New Government whiplash proposals could see car insurance premiums fall.
New plans to crackdown on whiplash compensation could save motorists up to £40 a year on their car insurance premiums.
The Government consultation will propose a block from settling claims without medical evidence.
Instead, claimants would need a doctor’s report before being paid.
Compensation for minor whiplash injuries in car accidents could also be capped or banned entirely.
Payouts could be slashed
Capping compensation would see typical payouts fall from £1,850 to a maximum of £425.
The threshold for claims being taken to court would jump from £1,000 to £5,000, so legal costs would be reduced.
Other suggestions include introducing a transparent tariff system of compensation payments for claims with more significant injuries.
A pledge to tackle the high number of whiplash claims was made in last year’s Autumn Statement but were shelved earlier this year.
The fact those plans have now been revived has been welcomed by insurers, with both Aviva and LV= promising to pass savings on to customers.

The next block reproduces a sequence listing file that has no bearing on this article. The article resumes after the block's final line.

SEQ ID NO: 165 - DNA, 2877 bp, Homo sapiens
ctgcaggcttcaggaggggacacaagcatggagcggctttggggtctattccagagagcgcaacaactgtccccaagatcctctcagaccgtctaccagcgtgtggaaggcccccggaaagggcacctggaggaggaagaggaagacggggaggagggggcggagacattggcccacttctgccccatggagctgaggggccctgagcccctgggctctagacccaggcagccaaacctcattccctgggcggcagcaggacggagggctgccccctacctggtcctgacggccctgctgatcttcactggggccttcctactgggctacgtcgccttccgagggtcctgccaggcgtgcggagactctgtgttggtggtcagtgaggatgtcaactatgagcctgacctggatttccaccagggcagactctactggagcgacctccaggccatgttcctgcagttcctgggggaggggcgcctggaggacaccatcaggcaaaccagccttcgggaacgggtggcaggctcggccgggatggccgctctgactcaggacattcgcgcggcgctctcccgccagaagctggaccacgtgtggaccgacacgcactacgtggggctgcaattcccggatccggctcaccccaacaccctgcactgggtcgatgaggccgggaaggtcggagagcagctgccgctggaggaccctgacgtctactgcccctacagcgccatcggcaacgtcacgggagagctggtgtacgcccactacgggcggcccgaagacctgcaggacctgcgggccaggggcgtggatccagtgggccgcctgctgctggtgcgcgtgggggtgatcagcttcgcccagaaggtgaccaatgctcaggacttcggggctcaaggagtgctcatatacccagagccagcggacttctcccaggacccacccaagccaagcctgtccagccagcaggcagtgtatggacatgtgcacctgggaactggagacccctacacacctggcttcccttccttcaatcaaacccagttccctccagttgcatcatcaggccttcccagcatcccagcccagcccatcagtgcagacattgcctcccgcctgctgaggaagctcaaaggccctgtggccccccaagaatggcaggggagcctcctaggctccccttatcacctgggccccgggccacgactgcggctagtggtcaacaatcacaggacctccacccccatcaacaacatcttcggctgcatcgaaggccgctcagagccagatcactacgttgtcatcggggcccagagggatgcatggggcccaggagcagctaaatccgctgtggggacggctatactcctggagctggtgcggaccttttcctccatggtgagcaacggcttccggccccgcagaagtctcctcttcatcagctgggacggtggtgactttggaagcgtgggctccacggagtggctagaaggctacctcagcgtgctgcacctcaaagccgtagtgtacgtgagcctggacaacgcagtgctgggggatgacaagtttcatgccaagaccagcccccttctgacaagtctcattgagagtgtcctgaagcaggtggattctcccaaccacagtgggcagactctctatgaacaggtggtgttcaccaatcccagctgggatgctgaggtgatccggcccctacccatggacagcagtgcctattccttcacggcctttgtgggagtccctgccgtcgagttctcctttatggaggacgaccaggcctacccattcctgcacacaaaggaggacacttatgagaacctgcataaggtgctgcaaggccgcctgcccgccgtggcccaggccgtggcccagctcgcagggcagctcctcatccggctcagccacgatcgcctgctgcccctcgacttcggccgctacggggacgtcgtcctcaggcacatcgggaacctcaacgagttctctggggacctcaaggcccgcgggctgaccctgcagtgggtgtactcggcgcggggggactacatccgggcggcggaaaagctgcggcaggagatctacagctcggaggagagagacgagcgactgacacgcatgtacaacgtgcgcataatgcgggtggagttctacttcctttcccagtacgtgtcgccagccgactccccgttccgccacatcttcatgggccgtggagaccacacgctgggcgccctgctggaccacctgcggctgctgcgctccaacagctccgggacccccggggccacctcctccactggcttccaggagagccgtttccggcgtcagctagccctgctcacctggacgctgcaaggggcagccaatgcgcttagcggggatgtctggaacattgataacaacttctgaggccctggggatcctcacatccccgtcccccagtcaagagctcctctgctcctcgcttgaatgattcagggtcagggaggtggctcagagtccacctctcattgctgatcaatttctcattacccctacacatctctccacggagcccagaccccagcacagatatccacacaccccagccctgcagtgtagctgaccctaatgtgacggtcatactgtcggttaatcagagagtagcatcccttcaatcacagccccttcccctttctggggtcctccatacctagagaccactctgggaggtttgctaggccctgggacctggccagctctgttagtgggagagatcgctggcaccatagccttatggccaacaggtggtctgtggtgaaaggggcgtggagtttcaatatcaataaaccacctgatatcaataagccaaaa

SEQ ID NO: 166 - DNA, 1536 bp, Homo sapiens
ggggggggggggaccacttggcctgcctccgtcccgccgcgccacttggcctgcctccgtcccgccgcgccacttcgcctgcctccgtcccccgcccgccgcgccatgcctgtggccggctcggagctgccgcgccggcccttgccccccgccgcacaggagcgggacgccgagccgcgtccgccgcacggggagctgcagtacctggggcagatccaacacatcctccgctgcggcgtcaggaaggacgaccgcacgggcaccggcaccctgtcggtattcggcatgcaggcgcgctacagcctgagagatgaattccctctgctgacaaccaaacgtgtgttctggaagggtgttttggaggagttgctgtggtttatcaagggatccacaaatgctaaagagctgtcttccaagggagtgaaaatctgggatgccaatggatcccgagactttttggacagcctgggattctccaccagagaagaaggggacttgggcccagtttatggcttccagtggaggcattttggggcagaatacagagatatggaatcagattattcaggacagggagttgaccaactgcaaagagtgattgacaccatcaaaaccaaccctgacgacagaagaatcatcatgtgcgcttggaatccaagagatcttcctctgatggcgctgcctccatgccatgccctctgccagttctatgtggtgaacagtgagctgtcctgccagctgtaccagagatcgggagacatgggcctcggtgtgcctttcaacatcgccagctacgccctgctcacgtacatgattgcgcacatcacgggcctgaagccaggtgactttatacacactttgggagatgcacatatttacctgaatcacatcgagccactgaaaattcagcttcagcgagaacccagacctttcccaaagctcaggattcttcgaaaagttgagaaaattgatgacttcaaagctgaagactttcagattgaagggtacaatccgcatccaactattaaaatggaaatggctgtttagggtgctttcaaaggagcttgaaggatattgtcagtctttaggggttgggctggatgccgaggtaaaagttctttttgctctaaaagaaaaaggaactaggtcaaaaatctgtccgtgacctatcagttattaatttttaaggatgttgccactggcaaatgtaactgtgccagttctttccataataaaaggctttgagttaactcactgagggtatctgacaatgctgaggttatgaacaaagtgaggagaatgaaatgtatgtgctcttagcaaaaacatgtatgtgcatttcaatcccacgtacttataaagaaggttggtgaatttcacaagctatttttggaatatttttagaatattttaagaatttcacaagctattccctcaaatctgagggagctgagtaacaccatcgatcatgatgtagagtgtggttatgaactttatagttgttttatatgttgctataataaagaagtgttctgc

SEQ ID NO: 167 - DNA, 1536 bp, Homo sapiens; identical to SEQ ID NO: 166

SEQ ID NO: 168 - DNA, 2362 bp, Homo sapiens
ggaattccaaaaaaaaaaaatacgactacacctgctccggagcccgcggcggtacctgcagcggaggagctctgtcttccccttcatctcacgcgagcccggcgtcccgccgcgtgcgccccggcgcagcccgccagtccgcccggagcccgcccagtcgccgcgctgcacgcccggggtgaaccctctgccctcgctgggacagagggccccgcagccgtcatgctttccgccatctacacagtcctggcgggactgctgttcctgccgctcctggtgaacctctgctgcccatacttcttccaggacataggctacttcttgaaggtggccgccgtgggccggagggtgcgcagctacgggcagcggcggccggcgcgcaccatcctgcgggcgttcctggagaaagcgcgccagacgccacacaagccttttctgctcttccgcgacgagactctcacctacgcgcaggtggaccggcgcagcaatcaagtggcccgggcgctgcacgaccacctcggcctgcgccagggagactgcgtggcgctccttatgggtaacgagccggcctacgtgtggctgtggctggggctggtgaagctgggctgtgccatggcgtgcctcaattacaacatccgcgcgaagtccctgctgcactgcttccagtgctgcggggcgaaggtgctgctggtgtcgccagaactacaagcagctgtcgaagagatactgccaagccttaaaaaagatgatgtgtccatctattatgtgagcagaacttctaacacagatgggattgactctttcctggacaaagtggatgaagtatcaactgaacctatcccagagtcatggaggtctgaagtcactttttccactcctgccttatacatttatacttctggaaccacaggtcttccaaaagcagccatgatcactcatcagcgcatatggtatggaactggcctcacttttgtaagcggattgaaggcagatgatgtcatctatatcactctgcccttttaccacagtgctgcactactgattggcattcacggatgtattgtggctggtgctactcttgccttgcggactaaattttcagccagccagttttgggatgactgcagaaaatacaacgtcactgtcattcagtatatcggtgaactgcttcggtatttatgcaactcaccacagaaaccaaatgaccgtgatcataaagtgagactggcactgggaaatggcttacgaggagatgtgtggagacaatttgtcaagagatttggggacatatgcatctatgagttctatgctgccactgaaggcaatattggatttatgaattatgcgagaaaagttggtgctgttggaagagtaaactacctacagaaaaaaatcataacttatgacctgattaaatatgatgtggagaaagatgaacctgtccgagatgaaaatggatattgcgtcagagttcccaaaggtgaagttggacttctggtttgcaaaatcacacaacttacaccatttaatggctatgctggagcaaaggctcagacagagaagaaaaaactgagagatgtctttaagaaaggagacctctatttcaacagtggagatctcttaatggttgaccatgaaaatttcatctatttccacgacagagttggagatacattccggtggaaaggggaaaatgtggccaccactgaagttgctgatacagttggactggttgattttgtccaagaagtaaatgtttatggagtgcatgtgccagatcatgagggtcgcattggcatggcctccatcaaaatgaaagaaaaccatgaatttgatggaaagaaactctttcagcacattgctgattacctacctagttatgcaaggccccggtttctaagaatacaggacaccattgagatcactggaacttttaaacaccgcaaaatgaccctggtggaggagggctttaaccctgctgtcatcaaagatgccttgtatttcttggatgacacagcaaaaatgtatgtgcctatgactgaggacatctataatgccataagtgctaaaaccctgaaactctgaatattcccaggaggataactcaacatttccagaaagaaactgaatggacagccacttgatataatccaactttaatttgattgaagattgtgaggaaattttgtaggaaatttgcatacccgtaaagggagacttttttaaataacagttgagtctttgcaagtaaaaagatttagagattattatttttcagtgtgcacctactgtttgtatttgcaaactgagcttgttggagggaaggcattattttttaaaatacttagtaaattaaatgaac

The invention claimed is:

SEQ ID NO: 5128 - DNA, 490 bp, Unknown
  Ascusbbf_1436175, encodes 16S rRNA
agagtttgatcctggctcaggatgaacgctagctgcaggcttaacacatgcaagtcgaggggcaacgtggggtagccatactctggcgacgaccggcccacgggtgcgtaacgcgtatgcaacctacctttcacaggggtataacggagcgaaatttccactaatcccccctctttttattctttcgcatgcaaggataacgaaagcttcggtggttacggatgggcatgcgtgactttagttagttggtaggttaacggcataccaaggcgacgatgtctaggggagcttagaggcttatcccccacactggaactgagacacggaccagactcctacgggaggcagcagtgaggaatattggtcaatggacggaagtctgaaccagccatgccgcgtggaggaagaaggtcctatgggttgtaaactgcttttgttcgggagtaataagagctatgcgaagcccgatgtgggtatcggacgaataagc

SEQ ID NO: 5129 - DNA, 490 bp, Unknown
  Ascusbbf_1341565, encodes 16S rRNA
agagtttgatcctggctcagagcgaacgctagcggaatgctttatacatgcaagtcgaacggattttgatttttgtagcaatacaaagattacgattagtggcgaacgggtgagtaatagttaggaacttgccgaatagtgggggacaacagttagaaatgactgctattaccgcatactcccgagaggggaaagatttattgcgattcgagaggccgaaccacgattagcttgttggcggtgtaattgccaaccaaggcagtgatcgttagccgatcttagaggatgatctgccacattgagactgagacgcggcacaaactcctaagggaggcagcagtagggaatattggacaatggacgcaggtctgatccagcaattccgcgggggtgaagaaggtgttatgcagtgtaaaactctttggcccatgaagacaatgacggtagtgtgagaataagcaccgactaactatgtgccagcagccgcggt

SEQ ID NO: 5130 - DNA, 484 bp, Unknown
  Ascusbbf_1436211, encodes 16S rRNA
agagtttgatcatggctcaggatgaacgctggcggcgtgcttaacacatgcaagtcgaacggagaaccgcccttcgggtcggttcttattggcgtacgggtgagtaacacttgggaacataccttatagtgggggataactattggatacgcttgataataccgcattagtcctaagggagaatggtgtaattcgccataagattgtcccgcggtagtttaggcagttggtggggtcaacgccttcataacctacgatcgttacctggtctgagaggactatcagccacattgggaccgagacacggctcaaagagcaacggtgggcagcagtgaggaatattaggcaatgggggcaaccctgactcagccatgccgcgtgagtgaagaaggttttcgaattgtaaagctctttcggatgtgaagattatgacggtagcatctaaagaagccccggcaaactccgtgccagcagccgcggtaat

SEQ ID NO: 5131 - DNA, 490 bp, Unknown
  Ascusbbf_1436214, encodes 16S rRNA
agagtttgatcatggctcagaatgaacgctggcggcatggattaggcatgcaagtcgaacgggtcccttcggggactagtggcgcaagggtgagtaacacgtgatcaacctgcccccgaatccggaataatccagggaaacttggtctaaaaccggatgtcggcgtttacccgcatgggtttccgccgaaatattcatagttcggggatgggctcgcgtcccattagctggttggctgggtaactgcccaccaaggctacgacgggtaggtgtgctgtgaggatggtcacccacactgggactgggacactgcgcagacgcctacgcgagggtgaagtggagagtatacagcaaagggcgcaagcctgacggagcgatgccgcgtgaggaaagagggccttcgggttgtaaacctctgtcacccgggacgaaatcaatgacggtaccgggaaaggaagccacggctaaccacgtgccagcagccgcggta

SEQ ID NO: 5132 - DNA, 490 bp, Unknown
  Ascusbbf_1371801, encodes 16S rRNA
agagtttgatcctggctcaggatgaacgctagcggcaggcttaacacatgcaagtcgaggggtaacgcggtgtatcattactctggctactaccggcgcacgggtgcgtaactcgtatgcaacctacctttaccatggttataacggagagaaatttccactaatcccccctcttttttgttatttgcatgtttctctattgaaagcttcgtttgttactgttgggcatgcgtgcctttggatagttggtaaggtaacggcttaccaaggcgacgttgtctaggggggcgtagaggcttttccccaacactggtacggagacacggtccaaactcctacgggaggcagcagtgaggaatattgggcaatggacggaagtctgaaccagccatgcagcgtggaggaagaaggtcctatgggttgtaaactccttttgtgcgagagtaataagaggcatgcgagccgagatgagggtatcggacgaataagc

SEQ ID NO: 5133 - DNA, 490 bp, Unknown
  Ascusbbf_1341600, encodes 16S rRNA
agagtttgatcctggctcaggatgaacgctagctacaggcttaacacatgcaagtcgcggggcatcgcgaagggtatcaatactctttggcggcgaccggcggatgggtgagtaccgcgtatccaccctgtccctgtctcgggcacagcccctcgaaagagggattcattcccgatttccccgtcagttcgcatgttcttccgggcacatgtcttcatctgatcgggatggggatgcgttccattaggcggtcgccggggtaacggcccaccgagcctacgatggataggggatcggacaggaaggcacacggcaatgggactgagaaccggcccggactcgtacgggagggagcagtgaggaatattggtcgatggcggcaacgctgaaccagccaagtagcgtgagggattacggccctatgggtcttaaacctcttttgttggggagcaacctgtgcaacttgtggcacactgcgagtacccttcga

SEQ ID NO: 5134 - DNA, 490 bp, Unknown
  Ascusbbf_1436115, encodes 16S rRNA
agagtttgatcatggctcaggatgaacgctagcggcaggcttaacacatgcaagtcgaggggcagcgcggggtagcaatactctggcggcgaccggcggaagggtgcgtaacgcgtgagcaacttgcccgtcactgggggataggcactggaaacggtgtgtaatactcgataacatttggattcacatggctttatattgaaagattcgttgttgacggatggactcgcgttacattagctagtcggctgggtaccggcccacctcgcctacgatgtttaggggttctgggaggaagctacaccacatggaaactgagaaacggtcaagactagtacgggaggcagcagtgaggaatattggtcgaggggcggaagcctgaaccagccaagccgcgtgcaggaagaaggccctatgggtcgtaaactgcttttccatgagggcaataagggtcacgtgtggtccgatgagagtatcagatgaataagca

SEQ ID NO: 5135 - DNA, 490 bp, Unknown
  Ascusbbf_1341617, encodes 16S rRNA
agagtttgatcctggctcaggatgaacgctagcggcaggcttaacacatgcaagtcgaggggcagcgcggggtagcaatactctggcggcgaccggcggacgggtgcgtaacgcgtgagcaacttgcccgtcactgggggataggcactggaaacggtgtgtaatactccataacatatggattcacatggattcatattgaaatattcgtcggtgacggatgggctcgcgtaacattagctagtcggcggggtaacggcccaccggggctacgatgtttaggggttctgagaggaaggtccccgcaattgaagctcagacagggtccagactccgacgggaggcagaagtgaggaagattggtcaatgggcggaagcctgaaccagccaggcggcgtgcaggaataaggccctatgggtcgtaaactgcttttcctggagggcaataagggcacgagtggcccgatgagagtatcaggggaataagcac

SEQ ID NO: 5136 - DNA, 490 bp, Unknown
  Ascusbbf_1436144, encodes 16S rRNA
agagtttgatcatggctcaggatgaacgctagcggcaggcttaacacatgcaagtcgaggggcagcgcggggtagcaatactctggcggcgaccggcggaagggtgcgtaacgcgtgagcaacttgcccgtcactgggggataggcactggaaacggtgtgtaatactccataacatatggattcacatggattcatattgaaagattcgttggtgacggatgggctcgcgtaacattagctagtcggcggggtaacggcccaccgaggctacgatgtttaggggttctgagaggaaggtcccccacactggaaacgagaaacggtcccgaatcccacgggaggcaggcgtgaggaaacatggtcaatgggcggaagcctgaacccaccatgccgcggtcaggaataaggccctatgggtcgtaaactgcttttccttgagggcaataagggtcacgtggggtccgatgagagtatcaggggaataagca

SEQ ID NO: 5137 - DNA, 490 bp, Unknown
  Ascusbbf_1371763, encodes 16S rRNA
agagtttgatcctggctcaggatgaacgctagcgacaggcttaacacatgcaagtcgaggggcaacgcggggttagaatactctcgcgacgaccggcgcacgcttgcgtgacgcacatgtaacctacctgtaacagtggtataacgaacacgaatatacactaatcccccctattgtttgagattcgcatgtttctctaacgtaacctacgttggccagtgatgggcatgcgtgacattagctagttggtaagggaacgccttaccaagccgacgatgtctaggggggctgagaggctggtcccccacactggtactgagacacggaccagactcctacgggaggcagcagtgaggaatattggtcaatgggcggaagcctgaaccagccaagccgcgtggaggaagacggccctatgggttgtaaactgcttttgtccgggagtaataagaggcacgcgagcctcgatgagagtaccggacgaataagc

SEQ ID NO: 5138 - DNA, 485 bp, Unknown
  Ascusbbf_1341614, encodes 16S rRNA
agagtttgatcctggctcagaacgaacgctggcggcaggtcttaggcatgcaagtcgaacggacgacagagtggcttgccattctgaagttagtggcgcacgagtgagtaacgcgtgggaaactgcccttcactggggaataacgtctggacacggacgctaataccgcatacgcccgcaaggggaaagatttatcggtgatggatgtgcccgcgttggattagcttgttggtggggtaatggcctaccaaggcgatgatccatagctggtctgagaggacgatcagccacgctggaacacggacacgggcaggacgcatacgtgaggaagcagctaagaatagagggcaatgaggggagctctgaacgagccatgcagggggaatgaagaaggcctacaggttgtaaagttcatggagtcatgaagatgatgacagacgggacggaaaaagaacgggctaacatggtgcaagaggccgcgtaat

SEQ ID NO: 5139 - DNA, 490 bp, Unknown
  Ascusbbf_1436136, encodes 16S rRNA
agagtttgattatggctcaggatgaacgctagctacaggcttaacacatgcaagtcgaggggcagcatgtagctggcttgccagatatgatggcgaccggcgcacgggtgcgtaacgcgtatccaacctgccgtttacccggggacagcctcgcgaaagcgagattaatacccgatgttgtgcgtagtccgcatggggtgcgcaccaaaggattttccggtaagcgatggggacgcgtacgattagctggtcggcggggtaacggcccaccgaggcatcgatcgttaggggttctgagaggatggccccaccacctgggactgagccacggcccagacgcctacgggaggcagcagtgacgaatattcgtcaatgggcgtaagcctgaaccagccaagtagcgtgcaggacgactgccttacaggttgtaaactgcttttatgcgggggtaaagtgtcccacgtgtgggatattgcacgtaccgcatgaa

Good news for law-abiding motorists
The Ministry of Justice (MoJ) hopes that this will put an end to notorious crash for cash claims, savings motorists £1 billion a year.
Despite a fall in road accidents and some of the safest roads in Europe, whiplash claims in the UK are up 50% compared to a decade ago.
The MoJ blames a ‘predatory’ claims industry that encourages chasing after minor claims and exaggerating them.
A poll of 20,000 AA members last year said that 63% had been contacted by cold-calling firms trying to persuade them to make a claim even though they hadn’t been injured.
Worryingly, the same survey shows that 11% of drivers said that they saw nothing wrong with making a claim for injury compensation, even if no injury was actually suffered.
Unfortunately, this drives up the costs of premiums for all motorists.
Economic Secretary Simon Kirby said:
"One whiplash claim is paid out every 60 seconds and it is unacceptable that responsible motorists have to pick up the tab.
"We are tackling the incentives which have created this compensation culture so that all drivers can save money on their motor insurance policies."
The consultation will run until January 7 2017.
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